Abstract

Background A knowledge gap exists about the risk of cancer in individuals with intellectual disability (ID). The primary aim of this study was to estimate the cancer risk among individuals with ID compared to individuals without ID. Methods and findings We conducted a population-based cohort study of all children live-born in Sweden between 1974 and 2013 and whose mothers were born in a Nordic country. All individuals were followed from birth until cancer diagnosis, emigration, death, or 31 December 2016 (up to age 43 years), whichever came first. Incident cancers were identified from the Swedish Cancer Register. We fitted Cox regression models to calculate hazard ratios (HRs) and 95% confidence intervals (CIs) as measures of cancer risk in relation to ID after adjusting for several potential confounders. We analyzed ID by severity, as well as idiopathic ID and syndromic ID separately. We performed a sibling comparison to investigate familial confounding. The study cohort included a total of 3,531,305 individuals, including 27,956 (0.8%) individuals diagnosed with ID. Compared with the reference group (individuals without ID and without a full sibling with ID), individuals with ID were in general more likely to be male. The median follow-up time was 8.9 and 23.0 years for individuals with ID and individuals without ID, respectively. A total of 188 cancer cases were identified among individuals with ID (incidence rate [IR], 62 per 1,000 person-years), and 24,960 among individuals in the reference group (IR, 31 per 1,000 person-years). A statistically significantly increased risk was observed for any cancer (HR 1.57, 95% CI 1.35–1.82; P < 0.001), as well as for several cancer types, including cancers of the esophagus (HR 28.4, 95% CI 6.2–130.6; P < 0.001), stomach (HR 6.1, 95% CI 1.5–24.9; P = 0.013), small intestine (HR 12.0, 95% CI 2.9–50.1; P < 0.001), colon (HR 2.0, 95% CI 1.0–4.1; P = 0.045), pancreas (HR 6.0, 95% CI 1.5–24.8; P = 0.013), uterus (HR 11.7, 95% CI 1.5–90.7; P = 0.019), kidney (HR 4.4, 95% CI 2.0–9.8; P < 0.001), central nervous system (HR 2.7, 95% CI 2.0–3.7; P < 0.001), and other or unspecified sites (HR 4.8, 95% CI 1.8–12.9; P = 0.002), as well as acute lymphoid leukemia (HR 2.4, 95% CI 1.3–4.4; P = 0.003) and acute myeloid leukemia (HR 3.0, 95% CI 1.4–6.4; P = 0.004). Cancer risk was not modified by ID severity or sex but was higher for syndromic ID. The sibling comparison showed little support for familial confounding. The main study limitations were the limited statistical power for the analyses of specific cancer types, and the potential for underestimation of the studied associations (e.g., due to potential underdetection or delayed diagnosis of cancer among individuals with ID). Conclusions In this study, we found that individuals with ID showed an increased risk of any cancer, as well as of several specific cancer types. These findings suggest that extended surveillance and early intervention for cancer among individuals with ID are warranted.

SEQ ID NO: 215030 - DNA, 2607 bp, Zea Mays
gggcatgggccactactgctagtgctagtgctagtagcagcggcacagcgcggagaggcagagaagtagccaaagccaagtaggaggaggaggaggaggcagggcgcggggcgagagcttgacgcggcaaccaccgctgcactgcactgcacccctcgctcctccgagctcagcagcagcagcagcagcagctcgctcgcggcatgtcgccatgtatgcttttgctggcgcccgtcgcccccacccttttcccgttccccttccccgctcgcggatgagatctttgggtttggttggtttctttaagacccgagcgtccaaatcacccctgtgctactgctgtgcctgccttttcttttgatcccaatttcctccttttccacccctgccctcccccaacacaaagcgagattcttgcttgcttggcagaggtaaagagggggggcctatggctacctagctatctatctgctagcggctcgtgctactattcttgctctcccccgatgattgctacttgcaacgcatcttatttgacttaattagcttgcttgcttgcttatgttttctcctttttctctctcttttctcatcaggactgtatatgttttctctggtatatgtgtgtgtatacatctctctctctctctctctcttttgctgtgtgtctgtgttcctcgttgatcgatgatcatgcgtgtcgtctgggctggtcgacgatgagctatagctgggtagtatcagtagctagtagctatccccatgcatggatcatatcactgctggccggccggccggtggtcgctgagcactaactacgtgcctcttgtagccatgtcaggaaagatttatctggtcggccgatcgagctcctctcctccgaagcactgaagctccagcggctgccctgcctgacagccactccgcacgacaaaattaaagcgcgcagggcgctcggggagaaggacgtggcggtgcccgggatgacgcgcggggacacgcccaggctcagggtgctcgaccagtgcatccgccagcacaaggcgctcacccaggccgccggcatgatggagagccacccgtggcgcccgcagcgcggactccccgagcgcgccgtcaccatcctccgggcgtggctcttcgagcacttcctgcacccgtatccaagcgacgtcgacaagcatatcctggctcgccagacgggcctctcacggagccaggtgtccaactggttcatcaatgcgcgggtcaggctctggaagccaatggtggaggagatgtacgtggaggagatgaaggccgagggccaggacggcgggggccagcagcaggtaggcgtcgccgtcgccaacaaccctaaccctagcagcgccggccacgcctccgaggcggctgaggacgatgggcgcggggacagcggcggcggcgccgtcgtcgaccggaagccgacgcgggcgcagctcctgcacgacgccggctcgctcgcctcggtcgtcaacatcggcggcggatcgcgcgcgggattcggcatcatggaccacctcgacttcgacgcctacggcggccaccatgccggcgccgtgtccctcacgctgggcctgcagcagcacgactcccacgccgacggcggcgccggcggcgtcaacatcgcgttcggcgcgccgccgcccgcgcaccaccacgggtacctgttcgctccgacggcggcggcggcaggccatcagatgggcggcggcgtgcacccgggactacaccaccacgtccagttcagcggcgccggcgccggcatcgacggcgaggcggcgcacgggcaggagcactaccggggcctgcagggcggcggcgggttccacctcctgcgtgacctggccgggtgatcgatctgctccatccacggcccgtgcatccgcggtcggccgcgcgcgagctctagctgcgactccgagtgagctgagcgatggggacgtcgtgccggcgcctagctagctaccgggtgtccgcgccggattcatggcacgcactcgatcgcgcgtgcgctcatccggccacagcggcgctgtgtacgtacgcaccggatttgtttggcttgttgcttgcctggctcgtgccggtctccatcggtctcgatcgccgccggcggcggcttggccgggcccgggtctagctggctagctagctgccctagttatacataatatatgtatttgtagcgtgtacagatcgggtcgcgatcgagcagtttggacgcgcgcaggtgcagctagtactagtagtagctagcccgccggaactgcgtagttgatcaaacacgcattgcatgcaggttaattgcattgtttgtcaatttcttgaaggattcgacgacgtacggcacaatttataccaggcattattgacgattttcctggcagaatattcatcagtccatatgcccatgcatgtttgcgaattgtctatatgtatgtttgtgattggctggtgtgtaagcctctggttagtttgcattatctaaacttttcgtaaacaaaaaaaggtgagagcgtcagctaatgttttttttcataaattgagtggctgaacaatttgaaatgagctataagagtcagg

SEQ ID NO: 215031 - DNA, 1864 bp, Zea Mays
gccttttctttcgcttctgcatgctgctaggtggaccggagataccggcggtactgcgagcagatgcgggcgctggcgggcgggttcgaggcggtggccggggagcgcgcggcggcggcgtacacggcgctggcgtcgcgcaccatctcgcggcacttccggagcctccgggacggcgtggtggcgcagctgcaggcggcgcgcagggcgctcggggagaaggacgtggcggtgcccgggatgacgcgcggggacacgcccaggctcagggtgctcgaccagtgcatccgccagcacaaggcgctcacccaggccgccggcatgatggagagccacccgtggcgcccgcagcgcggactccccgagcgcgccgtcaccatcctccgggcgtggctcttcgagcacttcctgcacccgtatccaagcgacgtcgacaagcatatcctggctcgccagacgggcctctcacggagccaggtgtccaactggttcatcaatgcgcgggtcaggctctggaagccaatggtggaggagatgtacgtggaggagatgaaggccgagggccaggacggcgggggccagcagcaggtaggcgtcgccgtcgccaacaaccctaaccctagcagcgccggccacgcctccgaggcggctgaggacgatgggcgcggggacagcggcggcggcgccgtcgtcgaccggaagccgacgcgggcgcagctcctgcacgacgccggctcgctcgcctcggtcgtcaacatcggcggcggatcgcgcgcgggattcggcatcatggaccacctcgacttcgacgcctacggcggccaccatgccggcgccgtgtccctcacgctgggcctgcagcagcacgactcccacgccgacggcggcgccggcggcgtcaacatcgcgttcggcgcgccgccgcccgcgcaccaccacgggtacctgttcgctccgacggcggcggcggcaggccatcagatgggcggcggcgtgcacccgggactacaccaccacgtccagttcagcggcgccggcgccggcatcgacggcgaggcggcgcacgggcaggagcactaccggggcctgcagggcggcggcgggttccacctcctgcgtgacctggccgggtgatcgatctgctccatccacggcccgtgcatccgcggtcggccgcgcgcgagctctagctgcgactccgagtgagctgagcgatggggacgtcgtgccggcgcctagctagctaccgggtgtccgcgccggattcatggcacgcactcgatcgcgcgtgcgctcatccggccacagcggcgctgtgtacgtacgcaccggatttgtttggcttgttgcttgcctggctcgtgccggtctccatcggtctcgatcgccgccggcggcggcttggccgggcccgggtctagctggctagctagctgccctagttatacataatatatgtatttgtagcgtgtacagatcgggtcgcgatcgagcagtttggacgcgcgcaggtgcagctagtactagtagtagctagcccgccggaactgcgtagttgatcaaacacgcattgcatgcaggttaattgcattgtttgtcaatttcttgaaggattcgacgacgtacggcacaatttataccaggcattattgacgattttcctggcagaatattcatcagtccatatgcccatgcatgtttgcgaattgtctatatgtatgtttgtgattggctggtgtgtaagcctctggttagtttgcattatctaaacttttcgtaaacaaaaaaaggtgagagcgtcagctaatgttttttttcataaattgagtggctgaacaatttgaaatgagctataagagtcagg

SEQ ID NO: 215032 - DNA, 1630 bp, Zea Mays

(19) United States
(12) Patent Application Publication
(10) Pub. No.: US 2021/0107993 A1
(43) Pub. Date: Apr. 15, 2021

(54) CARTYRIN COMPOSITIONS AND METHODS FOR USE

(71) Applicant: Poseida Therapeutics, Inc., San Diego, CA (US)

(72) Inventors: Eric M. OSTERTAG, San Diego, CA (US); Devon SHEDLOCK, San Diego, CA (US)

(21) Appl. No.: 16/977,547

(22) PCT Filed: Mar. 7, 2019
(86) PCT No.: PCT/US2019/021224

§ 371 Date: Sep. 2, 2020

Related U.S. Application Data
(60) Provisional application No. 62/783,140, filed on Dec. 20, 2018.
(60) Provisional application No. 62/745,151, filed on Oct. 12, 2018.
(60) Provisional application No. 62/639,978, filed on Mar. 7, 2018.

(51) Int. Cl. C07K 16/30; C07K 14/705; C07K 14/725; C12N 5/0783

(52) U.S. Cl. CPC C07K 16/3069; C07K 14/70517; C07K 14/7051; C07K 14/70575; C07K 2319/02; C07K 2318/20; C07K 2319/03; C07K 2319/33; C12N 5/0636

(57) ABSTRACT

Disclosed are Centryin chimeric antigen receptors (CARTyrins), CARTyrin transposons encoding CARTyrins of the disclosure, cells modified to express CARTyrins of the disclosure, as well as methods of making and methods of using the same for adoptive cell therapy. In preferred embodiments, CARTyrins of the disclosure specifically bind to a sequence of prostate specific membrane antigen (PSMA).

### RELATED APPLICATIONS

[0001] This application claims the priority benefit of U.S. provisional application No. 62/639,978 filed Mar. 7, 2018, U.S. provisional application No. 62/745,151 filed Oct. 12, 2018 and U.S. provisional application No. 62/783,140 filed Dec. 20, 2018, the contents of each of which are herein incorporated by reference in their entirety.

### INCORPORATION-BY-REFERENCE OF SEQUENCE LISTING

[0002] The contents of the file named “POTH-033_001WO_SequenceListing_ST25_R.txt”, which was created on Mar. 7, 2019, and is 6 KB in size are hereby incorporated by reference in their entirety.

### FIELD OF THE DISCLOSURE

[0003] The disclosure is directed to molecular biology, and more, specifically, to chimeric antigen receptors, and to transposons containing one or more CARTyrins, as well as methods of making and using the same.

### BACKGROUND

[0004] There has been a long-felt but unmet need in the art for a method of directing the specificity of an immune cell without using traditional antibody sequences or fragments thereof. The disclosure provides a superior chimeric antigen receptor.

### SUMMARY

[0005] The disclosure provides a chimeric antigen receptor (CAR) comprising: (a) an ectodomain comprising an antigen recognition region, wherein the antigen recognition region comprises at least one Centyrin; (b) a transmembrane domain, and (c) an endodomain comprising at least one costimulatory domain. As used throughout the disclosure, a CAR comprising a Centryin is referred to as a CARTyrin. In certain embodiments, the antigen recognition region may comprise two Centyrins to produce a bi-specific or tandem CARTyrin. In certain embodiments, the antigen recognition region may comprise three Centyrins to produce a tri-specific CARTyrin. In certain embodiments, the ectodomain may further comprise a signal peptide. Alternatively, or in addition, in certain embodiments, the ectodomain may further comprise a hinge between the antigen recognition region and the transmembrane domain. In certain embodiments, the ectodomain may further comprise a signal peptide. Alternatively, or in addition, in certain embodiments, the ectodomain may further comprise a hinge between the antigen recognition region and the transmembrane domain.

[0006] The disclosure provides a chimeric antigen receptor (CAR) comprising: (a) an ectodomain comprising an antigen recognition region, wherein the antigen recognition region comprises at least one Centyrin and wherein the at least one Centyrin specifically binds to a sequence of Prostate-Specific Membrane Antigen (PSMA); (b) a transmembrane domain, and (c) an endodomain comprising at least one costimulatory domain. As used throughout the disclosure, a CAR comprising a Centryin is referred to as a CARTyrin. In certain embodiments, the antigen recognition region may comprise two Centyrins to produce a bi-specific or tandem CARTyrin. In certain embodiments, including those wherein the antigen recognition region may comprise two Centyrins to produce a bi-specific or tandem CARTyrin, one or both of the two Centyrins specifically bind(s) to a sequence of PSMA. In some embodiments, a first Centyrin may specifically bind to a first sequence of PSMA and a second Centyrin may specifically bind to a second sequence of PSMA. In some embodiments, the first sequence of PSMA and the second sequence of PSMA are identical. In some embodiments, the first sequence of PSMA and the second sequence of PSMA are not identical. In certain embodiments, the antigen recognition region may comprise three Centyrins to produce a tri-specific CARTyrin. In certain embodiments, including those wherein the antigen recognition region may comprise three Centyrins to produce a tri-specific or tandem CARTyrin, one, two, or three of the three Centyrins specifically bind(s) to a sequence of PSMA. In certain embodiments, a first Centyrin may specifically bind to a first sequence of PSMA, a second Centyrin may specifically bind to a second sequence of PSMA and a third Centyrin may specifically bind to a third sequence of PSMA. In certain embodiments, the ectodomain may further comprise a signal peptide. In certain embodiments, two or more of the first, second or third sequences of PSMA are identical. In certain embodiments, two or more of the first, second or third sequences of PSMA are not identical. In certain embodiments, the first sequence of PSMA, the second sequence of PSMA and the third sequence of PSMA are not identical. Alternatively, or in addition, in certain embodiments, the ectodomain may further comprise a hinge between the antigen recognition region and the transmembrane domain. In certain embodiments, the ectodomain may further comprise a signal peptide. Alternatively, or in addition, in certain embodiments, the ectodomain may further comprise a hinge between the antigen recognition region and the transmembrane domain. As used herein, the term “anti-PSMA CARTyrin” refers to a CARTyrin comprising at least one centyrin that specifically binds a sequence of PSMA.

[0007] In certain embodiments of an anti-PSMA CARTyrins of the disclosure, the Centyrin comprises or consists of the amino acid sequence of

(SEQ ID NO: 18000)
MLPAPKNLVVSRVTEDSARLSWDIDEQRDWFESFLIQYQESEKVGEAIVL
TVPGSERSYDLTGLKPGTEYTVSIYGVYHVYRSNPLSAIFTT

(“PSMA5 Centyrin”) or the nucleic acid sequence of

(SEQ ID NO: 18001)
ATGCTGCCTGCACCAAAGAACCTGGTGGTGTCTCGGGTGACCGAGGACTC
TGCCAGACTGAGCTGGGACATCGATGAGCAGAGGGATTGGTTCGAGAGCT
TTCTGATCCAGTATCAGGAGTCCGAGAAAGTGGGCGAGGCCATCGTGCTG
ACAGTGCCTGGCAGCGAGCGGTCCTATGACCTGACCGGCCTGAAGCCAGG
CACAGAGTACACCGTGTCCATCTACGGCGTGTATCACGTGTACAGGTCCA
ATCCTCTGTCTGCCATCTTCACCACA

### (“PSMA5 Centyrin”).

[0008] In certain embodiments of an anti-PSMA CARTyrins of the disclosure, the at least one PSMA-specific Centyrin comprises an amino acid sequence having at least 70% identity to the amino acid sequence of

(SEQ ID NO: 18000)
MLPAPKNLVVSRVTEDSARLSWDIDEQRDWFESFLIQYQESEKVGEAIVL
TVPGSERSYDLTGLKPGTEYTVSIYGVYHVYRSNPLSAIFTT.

Original languageEnglish
Article numbere1003840
JournalPLoS Medicine
Volume18
Issue number10
DOIs
StatePublished - Oct 2021

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